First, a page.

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Brain Salad Surgery Extra tracks

4.3 out of 5 stars 347 customer reviews

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Editorial Reviews

One of the greatest prog albums ever (the performances, production and artwork are all widely worshipped) gets the royal reissue treatment! Karn Evil 9; Still You Turn Me On; Jerusalem , and the rest of the 1973 smash join two alternate mixes and a 24-page booklet.

Track Listings

Disc: 1

  1. Jerusalem
  2. Toccata
  3. Still...You Turn Me On
  4. Benny the Bouncer
  5. Karn Evil 9: 1st Impression - Part 1
  6. Karn Evil 9: 1st Impression - Part 2
  7. 2nd Impression
  8. 3rd Impression
  9. Bonus Track: Jerusalem
  10. Bonus Track: Karn Evil 9

Product Details

  • Audio CD (October 9, 2007)
  • Number of Discs: 1
  • Format: Extra tracks
  • Label: Shout! Factory
  • Average Customer Review: 4.3 out of 5 stars  See all reviews (347 customer reviews)
  • Amazon Best Sellers Rank: #184,313 in Music (See Top 100 in Music)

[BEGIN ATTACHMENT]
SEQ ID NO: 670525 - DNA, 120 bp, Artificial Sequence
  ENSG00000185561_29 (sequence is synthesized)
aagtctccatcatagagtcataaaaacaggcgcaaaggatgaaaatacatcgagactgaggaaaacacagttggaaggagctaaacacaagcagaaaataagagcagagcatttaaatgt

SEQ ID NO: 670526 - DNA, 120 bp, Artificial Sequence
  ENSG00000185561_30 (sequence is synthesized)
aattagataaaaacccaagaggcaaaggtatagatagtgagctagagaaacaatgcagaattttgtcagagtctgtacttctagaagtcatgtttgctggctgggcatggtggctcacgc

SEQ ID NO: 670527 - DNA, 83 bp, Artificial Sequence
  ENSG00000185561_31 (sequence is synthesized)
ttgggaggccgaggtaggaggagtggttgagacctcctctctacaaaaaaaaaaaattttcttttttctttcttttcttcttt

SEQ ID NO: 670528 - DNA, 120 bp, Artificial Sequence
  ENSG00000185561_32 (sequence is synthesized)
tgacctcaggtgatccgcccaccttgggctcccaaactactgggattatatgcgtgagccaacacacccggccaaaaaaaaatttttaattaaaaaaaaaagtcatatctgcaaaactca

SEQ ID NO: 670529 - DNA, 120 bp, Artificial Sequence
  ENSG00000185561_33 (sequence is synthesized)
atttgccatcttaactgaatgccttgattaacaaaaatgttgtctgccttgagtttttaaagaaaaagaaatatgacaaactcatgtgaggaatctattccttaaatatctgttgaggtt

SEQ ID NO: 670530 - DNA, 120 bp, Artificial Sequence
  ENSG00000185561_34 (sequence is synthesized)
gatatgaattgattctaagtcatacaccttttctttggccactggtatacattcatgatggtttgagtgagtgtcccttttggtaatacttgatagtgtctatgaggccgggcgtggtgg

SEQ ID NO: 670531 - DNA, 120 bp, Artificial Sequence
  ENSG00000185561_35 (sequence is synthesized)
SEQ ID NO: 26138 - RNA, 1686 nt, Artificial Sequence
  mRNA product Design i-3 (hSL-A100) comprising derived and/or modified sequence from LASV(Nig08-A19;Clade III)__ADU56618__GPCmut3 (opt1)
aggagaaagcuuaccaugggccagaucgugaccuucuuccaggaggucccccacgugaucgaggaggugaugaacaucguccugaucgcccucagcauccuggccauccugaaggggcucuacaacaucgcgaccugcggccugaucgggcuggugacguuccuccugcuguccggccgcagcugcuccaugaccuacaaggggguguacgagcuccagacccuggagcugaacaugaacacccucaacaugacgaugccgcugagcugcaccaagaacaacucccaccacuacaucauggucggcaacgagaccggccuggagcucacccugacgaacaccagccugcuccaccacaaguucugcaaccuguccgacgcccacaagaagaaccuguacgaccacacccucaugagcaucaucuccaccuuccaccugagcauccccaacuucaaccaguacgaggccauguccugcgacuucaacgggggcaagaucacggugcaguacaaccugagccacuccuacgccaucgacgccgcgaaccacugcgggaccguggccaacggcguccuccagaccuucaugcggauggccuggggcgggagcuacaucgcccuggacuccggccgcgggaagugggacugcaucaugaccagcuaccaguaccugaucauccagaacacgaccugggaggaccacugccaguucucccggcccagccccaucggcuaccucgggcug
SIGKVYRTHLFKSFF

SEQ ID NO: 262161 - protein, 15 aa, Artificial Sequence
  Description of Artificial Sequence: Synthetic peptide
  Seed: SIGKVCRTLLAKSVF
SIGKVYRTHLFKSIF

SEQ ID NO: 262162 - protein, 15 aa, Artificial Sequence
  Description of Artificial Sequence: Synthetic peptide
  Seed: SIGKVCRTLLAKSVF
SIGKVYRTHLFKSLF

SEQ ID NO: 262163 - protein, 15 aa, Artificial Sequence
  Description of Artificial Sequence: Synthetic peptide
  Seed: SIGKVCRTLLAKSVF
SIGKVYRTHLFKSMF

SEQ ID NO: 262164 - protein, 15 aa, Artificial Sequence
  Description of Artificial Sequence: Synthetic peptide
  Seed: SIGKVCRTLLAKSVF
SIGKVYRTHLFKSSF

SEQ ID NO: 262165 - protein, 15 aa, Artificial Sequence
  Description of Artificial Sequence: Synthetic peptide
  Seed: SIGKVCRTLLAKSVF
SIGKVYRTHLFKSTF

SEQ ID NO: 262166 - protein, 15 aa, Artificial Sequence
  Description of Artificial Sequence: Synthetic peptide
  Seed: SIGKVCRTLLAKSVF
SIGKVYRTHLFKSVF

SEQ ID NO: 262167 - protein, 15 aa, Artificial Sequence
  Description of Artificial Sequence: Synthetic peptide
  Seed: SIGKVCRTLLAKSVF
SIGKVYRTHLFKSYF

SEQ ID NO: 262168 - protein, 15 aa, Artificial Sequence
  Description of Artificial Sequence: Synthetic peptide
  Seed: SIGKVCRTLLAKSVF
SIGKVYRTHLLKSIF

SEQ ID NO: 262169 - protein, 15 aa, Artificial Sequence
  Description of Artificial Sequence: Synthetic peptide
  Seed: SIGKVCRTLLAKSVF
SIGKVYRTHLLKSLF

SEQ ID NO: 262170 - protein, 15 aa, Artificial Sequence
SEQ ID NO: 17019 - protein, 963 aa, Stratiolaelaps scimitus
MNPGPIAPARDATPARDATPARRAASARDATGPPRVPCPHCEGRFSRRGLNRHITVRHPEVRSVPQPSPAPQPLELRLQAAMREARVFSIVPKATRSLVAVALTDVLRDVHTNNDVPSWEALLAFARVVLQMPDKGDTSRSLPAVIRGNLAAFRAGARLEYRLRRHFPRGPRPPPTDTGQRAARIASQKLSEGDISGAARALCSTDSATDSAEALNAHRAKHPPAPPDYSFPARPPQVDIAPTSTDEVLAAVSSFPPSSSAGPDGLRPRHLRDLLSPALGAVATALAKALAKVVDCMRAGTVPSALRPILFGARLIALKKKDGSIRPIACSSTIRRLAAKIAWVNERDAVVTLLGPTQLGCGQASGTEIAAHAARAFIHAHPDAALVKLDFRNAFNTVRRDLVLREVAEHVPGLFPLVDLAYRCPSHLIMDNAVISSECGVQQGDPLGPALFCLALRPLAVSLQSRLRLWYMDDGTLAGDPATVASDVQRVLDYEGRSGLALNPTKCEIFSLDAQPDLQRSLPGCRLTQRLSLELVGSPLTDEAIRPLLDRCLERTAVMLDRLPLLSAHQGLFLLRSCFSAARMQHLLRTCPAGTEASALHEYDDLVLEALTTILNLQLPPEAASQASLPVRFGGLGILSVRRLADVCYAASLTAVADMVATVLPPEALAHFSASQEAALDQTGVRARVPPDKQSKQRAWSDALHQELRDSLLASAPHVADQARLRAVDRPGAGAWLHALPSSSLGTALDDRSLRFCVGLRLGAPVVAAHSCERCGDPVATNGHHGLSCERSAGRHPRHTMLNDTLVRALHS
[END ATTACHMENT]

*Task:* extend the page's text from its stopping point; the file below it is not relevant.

Amazon's Emerson, Lake & Palmer Store

Customer Reviews

Top Customer Reviews

Format: Audio CD Verified Purchase
This is basically the ultimate version of Brain Salad Surgery, and while I probably wouldn't suggest this as a first-time purchase for any newbie to the works of ELP, it's nice for the dedicated fan. Here, you have the album in 3 forms--the original, remastered, on CD #1, which is the same remaster, as other reviewers have noted, as the one initially made for the now-defunct Victory Music label in 1993, the first time the ELP catalogue was properly remastered away from the first CD run with Atlantic (and I have memories of the CD version of The Best of Emerson, Lake & Palmer--a mix so low you had to crank the volume to 11 just to hear anything, which made "Still...You Turn Me On" sound as if the mics were placed near the back of a medium-large auditorium and the band recorded in that position).

On CD #2, you have the outtakes--the first attempt at "When the Apple Blossoms Bloom in the Windmills of Your Mind, I'll Be Your Valentine" (which didn't see official release until Works, Vol. 2, in late 1977) and the completely unreleased-until-now title cut, "Brain Salad Surgery," which has elements of all the tracks that did appear on the album (save perhaps "Benny the Bouncer"). In addition, first mixes of "Toccata" and "Karn Evil 9: 3rd Impression," and new stereo mixes of all the tracks, plus an excerpt from the New Musical Express interview flexidisc of the time. Worthy additions all, for the completist fan.